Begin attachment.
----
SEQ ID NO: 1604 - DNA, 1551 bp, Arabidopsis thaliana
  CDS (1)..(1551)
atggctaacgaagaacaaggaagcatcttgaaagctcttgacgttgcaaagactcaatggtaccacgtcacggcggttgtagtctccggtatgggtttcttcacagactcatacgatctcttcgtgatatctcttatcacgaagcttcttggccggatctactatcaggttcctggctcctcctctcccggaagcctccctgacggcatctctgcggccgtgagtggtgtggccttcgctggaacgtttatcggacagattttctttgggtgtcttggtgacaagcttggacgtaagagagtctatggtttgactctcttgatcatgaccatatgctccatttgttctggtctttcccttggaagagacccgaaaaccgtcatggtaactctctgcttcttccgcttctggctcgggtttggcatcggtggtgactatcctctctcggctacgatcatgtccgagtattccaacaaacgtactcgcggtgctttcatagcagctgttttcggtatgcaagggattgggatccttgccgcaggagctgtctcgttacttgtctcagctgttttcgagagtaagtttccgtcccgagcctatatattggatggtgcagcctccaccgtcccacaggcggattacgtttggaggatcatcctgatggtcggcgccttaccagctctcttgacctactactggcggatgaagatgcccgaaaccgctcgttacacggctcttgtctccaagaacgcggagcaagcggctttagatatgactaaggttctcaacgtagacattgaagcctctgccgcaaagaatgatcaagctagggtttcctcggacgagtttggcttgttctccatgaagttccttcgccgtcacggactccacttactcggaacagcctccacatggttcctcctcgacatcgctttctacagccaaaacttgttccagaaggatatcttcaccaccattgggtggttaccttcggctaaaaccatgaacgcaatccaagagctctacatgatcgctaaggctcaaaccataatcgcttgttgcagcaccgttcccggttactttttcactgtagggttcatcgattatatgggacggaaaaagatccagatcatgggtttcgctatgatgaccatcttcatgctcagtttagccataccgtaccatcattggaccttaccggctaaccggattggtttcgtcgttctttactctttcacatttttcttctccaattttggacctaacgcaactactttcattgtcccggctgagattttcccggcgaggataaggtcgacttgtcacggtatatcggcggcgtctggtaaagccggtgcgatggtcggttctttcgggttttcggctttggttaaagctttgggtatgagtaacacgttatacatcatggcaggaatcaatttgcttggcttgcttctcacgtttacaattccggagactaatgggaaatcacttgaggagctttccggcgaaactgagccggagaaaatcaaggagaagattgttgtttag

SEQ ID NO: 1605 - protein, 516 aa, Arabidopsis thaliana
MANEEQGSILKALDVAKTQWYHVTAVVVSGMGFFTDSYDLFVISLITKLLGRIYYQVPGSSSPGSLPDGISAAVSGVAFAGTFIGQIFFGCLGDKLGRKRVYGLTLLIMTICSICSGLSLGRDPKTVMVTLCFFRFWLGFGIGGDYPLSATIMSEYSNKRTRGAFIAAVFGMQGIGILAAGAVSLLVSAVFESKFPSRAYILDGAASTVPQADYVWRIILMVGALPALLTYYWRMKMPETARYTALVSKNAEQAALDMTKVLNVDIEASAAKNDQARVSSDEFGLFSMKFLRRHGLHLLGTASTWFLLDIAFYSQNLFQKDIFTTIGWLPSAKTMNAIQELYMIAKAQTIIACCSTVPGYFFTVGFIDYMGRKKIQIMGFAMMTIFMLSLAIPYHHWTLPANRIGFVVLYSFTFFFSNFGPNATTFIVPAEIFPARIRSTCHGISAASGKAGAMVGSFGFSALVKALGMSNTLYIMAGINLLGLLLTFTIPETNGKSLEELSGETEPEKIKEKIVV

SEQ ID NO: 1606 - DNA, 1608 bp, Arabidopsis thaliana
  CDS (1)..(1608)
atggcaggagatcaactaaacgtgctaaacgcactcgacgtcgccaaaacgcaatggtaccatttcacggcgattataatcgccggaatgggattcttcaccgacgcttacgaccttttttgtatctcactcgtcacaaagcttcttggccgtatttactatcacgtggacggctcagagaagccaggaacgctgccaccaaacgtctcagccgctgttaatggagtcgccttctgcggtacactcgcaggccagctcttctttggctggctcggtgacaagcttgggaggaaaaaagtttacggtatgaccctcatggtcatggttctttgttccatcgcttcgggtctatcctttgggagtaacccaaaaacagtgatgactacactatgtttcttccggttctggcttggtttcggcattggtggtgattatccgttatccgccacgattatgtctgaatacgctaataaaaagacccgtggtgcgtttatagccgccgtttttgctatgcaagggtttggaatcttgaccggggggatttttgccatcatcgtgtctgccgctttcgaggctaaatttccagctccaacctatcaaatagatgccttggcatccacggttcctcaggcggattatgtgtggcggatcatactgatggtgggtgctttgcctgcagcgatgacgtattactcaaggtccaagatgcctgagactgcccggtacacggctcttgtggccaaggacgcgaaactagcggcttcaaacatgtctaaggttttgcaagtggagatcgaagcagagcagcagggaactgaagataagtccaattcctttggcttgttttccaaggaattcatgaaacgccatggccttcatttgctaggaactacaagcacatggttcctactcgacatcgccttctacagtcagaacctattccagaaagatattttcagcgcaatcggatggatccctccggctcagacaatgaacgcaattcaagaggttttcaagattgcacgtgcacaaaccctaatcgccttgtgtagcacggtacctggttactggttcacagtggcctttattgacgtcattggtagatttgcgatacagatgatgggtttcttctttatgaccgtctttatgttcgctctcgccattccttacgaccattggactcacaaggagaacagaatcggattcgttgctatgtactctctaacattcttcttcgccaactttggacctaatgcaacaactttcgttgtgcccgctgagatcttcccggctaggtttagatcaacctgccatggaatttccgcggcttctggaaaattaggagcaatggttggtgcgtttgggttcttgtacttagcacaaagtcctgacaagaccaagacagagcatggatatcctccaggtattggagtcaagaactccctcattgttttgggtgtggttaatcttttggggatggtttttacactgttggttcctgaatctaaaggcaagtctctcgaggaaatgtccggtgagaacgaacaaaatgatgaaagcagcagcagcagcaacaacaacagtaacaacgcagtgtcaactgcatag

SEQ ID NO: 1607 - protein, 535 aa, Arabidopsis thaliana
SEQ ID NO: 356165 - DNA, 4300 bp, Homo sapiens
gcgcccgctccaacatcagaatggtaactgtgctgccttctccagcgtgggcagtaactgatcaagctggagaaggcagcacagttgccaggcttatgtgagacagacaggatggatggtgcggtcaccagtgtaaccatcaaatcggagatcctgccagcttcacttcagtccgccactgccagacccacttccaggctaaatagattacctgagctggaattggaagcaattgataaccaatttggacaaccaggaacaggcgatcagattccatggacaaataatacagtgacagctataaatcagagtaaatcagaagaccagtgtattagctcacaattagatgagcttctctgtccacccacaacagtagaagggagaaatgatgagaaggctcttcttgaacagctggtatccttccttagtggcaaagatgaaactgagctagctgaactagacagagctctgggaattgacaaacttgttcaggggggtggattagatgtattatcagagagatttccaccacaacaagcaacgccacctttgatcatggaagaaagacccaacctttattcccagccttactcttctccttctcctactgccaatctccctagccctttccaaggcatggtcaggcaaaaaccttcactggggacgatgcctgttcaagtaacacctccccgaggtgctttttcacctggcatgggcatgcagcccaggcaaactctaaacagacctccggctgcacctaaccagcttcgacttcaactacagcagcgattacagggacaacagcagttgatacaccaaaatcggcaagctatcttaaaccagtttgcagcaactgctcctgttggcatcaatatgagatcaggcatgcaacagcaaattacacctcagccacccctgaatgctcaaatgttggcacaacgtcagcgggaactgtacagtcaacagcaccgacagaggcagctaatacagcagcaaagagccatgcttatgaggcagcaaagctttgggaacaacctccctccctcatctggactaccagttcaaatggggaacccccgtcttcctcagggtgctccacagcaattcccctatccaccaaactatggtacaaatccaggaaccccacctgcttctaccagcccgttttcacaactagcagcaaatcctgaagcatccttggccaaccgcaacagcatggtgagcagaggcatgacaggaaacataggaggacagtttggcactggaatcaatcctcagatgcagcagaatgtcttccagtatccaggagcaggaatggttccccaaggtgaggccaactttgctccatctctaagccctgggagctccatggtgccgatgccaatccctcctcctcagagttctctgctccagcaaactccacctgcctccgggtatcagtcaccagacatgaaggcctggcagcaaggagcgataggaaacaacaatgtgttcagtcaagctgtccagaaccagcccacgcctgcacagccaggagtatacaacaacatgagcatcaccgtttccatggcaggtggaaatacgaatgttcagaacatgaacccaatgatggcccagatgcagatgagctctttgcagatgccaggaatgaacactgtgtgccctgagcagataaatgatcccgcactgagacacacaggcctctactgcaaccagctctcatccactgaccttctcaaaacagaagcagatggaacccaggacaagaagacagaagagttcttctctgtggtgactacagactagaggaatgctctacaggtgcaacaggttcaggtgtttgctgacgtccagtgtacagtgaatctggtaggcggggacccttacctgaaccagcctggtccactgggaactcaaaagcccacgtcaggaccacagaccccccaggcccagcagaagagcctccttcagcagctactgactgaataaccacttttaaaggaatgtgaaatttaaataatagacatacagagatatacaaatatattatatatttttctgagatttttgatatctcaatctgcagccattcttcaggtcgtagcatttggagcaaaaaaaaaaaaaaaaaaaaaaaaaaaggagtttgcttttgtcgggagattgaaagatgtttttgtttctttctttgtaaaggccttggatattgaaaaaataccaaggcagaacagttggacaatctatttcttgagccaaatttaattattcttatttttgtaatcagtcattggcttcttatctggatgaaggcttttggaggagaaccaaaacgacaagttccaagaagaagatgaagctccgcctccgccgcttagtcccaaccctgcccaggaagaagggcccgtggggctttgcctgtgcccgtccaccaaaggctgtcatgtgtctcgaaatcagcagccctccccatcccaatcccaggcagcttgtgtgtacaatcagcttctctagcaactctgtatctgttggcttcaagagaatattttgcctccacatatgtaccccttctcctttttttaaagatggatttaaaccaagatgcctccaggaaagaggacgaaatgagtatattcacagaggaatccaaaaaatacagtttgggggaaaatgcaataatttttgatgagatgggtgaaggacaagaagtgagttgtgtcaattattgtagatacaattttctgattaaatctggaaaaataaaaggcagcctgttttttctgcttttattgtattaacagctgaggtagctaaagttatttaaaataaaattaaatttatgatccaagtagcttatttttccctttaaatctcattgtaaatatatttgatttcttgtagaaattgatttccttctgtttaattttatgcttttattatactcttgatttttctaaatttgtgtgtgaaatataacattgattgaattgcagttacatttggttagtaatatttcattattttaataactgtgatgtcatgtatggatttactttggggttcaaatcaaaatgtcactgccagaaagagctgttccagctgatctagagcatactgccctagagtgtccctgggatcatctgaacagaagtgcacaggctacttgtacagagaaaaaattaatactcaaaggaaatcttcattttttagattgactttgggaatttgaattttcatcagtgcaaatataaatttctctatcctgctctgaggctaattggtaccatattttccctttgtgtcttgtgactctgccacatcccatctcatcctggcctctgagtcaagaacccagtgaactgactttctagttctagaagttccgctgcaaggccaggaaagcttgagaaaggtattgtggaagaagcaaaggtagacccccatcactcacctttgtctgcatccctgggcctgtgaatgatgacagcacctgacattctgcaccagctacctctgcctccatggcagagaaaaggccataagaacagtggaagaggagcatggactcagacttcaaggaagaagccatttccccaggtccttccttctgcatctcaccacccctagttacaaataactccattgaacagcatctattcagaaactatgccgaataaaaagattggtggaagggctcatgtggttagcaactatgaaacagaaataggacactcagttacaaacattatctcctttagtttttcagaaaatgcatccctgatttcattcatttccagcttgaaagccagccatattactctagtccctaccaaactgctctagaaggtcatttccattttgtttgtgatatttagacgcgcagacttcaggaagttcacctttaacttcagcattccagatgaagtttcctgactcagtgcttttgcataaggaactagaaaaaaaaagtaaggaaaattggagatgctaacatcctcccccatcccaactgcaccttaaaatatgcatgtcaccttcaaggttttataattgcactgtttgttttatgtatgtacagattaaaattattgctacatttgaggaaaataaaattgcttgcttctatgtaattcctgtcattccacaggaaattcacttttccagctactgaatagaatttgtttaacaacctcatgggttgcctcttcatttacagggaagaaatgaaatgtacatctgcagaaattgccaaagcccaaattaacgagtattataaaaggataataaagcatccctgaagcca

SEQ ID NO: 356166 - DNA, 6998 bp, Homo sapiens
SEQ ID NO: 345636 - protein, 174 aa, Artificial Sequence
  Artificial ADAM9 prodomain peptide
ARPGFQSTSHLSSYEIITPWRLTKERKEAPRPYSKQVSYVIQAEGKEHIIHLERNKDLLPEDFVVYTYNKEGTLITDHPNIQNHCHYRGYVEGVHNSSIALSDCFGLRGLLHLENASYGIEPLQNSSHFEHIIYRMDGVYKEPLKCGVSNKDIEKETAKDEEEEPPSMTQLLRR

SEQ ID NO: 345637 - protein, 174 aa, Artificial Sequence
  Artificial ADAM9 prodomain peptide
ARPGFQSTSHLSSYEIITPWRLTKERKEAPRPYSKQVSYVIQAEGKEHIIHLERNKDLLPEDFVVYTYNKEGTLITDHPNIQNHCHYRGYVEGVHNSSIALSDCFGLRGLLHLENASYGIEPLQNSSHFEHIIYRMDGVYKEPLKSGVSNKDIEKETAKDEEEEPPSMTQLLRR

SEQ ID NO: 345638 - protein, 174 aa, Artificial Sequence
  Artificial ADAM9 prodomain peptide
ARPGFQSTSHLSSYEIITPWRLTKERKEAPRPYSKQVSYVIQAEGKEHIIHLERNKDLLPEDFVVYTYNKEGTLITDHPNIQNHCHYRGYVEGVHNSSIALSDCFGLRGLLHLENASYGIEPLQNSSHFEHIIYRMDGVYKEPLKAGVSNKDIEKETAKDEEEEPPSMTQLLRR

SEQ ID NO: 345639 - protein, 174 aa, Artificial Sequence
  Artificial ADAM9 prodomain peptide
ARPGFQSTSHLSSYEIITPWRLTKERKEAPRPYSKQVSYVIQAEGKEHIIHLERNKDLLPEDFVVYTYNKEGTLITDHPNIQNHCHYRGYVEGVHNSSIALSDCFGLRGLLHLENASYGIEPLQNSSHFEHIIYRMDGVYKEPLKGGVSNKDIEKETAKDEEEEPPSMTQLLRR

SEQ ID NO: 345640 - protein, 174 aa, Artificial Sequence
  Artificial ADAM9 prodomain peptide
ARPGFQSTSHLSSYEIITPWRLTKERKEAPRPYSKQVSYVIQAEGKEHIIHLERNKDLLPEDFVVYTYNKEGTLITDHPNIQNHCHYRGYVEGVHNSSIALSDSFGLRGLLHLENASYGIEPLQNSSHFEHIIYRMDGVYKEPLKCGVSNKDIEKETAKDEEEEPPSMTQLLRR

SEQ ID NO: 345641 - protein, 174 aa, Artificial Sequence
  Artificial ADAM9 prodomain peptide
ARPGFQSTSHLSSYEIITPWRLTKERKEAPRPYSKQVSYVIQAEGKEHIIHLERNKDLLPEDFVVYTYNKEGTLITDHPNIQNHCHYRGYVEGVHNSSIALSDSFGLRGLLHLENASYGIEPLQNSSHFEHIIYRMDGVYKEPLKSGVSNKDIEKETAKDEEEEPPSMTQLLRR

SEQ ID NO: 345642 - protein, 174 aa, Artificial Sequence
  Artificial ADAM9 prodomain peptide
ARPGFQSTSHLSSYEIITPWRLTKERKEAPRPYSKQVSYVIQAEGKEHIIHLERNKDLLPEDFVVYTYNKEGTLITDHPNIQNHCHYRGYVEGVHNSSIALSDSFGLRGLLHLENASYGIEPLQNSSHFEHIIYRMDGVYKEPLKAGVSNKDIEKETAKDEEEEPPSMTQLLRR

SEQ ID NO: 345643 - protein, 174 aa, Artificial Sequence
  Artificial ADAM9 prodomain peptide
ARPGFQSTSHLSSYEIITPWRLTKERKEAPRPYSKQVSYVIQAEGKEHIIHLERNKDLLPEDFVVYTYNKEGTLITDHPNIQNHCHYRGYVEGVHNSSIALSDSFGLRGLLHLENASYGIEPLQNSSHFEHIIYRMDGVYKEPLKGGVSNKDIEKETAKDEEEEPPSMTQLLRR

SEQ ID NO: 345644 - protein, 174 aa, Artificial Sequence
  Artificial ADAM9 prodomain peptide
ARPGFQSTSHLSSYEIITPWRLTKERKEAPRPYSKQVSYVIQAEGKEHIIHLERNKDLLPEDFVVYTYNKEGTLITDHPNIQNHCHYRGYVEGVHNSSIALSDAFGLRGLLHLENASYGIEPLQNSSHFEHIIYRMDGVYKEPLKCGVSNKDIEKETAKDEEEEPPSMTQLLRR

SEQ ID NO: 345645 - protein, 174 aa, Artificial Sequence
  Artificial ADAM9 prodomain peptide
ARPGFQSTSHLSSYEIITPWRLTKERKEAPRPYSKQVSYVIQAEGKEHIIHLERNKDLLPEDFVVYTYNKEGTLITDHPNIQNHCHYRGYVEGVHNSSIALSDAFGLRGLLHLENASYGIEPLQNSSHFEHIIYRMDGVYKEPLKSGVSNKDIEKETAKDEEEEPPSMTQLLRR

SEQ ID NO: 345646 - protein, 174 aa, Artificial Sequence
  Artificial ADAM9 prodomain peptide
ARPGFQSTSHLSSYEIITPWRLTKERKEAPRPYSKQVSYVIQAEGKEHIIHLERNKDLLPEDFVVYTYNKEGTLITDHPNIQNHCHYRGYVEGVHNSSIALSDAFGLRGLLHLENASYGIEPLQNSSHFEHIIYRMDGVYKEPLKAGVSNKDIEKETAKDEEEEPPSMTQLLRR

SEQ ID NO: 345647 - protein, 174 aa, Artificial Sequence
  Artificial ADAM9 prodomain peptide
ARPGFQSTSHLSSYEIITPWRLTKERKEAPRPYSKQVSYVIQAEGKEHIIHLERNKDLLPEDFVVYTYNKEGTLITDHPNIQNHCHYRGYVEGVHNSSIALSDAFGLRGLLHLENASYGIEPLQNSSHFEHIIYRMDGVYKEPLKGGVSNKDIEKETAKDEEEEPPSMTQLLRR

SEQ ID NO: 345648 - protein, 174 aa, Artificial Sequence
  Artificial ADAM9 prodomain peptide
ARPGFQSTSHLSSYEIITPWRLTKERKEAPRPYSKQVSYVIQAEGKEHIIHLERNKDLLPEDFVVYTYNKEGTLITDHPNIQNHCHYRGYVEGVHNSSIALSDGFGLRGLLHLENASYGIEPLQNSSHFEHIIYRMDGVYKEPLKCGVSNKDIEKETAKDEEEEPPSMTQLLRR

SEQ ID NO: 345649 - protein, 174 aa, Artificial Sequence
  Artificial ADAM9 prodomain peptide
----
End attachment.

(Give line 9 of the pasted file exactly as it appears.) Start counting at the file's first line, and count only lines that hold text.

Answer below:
SEQ ID NO: 1607 - protein, 535 aa, Arabidopsis thaliana